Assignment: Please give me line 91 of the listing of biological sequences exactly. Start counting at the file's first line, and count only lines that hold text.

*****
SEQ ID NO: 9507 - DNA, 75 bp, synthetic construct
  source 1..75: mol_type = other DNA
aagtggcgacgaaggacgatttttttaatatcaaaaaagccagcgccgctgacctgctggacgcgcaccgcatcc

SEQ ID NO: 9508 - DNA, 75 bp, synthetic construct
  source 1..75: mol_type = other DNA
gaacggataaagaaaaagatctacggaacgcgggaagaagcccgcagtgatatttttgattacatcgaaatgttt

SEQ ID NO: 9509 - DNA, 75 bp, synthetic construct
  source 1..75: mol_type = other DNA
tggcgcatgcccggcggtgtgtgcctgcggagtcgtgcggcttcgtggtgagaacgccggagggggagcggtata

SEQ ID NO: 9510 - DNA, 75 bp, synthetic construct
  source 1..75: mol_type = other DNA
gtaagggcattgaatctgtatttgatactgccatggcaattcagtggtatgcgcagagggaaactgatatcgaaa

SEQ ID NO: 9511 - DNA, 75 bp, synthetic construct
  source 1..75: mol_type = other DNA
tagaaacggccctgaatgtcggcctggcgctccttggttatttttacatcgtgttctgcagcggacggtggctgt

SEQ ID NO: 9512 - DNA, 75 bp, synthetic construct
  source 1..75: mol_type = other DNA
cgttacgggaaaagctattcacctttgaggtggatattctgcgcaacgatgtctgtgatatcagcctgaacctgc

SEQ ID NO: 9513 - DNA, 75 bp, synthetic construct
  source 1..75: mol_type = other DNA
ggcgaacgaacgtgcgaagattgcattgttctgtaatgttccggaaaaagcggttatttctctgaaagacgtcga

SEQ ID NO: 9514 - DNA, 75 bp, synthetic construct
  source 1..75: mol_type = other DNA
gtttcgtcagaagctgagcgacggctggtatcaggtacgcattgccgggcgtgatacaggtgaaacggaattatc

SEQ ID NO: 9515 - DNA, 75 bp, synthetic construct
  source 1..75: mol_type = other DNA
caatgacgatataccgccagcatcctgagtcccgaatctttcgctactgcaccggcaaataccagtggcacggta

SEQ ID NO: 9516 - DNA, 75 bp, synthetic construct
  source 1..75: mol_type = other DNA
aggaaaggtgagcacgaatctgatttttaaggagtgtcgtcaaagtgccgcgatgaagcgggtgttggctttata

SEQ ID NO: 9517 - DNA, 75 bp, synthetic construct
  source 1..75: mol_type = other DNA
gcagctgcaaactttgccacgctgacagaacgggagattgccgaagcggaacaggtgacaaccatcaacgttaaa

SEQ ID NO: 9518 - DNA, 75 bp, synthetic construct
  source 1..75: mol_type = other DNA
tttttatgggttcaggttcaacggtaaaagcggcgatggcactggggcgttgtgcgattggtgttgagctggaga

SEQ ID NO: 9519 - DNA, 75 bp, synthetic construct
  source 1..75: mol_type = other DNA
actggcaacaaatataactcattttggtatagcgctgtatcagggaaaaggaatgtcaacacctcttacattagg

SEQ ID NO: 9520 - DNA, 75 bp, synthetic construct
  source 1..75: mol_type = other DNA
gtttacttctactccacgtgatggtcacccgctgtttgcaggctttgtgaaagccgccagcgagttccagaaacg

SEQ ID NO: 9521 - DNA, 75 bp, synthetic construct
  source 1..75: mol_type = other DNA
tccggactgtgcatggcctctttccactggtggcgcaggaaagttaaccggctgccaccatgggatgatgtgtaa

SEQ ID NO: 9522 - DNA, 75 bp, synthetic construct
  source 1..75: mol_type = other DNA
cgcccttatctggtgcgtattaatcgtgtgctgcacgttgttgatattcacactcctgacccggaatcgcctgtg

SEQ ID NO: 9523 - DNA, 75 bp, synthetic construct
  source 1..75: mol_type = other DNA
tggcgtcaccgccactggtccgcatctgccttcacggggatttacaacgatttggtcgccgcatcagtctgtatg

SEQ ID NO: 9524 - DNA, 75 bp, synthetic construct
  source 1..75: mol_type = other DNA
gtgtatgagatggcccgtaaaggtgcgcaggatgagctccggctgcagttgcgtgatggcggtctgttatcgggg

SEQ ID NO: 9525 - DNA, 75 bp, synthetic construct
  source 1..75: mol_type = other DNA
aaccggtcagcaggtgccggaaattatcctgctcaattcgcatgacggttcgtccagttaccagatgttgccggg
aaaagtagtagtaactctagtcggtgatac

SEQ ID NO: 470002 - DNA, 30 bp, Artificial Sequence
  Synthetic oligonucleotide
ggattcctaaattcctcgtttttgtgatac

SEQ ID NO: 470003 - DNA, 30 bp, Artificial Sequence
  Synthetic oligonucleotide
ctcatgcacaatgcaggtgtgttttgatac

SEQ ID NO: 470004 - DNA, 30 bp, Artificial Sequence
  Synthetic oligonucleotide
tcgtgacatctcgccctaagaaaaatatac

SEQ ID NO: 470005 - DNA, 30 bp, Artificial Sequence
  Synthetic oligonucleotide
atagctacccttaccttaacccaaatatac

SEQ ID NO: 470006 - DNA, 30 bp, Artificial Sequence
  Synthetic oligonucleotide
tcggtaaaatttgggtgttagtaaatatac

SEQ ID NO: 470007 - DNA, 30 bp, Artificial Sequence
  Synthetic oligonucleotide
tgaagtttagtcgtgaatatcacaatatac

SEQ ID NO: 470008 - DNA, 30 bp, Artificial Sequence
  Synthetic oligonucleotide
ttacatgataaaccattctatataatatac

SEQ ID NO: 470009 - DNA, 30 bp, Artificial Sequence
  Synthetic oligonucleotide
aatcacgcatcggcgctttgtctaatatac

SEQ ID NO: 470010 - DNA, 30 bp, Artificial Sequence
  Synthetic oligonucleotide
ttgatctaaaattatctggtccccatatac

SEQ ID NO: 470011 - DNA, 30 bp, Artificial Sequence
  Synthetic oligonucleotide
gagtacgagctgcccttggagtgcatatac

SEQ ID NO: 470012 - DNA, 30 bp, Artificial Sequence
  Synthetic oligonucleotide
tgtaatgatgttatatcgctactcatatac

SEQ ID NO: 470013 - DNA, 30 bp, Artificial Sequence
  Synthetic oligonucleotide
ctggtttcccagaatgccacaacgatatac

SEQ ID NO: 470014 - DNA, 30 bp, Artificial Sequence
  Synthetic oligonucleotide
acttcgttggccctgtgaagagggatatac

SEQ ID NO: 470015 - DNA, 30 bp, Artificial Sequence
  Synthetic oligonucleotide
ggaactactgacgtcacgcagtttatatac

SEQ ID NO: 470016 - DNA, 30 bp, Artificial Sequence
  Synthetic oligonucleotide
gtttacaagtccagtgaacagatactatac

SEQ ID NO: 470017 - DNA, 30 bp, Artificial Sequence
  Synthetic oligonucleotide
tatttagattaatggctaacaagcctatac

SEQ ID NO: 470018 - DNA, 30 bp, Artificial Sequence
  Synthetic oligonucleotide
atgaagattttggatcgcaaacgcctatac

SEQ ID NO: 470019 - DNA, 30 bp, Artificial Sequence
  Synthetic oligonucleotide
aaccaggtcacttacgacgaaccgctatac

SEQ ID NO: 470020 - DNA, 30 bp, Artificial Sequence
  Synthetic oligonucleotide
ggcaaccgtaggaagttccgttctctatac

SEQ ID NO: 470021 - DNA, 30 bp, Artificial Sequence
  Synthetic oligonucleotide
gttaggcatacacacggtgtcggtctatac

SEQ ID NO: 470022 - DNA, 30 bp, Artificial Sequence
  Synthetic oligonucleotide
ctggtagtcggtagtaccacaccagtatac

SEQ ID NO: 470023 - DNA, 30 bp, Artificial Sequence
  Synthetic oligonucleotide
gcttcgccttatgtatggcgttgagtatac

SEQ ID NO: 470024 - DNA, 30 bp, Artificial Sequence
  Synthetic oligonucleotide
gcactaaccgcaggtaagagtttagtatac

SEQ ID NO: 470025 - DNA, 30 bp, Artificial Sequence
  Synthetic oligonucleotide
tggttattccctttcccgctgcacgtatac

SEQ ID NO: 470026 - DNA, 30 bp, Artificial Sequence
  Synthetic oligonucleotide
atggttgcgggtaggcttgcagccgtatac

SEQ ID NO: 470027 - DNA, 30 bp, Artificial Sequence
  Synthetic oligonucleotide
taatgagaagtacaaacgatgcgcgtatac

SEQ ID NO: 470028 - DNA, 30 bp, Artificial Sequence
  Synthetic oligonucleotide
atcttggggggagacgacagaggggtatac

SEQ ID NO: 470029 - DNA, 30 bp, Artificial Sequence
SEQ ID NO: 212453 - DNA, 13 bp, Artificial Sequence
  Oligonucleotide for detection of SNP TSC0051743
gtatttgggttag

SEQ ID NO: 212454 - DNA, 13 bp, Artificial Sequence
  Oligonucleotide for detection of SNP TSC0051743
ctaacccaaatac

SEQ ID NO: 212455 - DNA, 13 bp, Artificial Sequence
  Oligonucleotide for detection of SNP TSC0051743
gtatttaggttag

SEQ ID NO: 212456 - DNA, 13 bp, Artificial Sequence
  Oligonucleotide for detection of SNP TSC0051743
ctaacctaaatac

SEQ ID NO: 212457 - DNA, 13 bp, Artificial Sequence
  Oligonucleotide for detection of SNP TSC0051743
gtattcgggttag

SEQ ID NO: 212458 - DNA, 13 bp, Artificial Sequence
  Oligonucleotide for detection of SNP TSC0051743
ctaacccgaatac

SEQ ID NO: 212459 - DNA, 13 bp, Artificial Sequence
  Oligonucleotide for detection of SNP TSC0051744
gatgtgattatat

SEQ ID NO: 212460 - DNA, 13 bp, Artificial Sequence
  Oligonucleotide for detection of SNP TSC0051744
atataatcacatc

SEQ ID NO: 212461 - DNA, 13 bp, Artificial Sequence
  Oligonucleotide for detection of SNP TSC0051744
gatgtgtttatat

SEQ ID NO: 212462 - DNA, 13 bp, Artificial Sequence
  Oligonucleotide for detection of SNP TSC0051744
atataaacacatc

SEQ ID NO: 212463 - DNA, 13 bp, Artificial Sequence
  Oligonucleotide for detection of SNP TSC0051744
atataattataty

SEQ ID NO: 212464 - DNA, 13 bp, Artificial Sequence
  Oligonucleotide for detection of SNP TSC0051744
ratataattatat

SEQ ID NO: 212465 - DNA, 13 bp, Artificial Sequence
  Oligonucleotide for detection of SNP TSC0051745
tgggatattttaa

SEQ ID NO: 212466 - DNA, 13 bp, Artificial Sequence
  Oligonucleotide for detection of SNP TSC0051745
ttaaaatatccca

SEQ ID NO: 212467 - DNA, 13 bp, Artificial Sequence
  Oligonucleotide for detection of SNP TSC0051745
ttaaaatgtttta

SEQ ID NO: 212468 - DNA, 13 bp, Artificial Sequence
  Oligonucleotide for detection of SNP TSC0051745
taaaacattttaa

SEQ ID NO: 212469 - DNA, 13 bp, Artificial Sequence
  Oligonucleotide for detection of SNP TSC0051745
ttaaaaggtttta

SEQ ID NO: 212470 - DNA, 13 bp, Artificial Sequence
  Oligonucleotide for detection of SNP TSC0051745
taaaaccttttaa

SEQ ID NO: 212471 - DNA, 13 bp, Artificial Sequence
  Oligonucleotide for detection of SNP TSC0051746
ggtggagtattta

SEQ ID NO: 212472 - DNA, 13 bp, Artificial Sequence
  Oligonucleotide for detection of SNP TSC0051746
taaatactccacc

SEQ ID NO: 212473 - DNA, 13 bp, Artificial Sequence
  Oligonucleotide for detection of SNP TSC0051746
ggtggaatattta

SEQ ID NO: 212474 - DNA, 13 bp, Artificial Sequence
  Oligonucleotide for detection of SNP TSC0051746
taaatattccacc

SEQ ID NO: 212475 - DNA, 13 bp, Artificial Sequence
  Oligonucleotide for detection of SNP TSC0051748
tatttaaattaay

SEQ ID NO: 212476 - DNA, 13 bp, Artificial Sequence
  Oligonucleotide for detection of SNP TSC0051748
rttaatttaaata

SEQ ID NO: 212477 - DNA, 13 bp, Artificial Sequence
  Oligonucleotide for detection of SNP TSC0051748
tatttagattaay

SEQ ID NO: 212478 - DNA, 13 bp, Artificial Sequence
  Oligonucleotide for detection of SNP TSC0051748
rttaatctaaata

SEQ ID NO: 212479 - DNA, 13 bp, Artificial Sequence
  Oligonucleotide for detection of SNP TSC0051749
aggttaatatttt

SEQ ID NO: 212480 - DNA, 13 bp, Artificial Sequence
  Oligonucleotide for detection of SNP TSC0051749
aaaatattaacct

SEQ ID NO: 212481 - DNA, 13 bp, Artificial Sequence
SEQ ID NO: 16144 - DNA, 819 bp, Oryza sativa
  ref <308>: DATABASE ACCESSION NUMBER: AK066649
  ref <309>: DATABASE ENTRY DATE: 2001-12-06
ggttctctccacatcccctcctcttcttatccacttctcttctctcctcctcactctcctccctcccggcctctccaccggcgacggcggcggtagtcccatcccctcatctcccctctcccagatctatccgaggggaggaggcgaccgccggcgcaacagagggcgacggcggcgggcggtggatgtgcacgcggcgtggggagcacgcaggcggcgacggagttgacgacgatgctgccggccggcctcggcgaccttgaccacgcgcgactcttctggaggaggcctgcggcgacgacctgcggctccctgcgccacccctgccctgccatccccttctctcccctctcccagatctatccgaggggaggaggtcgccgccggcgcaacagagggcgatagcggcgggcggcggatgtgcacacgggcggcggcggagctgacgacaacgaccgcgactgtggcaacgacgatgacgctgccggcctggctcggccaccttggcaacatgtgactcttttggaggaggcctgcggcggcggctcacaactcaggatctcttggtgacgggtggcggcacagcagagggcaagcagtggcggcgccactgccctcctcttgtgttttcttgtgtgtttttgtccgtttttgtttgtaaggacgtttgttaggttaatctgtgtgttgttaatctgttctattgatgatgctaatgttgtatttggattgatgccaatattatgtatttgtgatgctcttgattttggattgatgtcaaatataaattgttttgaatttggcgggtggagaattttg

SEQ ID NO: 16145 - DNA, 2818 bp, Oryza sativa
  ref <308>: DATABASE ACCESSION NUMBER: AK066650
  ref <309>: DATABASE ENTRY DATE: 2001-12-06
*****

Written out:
tgtaatgatgttatatcgctactcatatac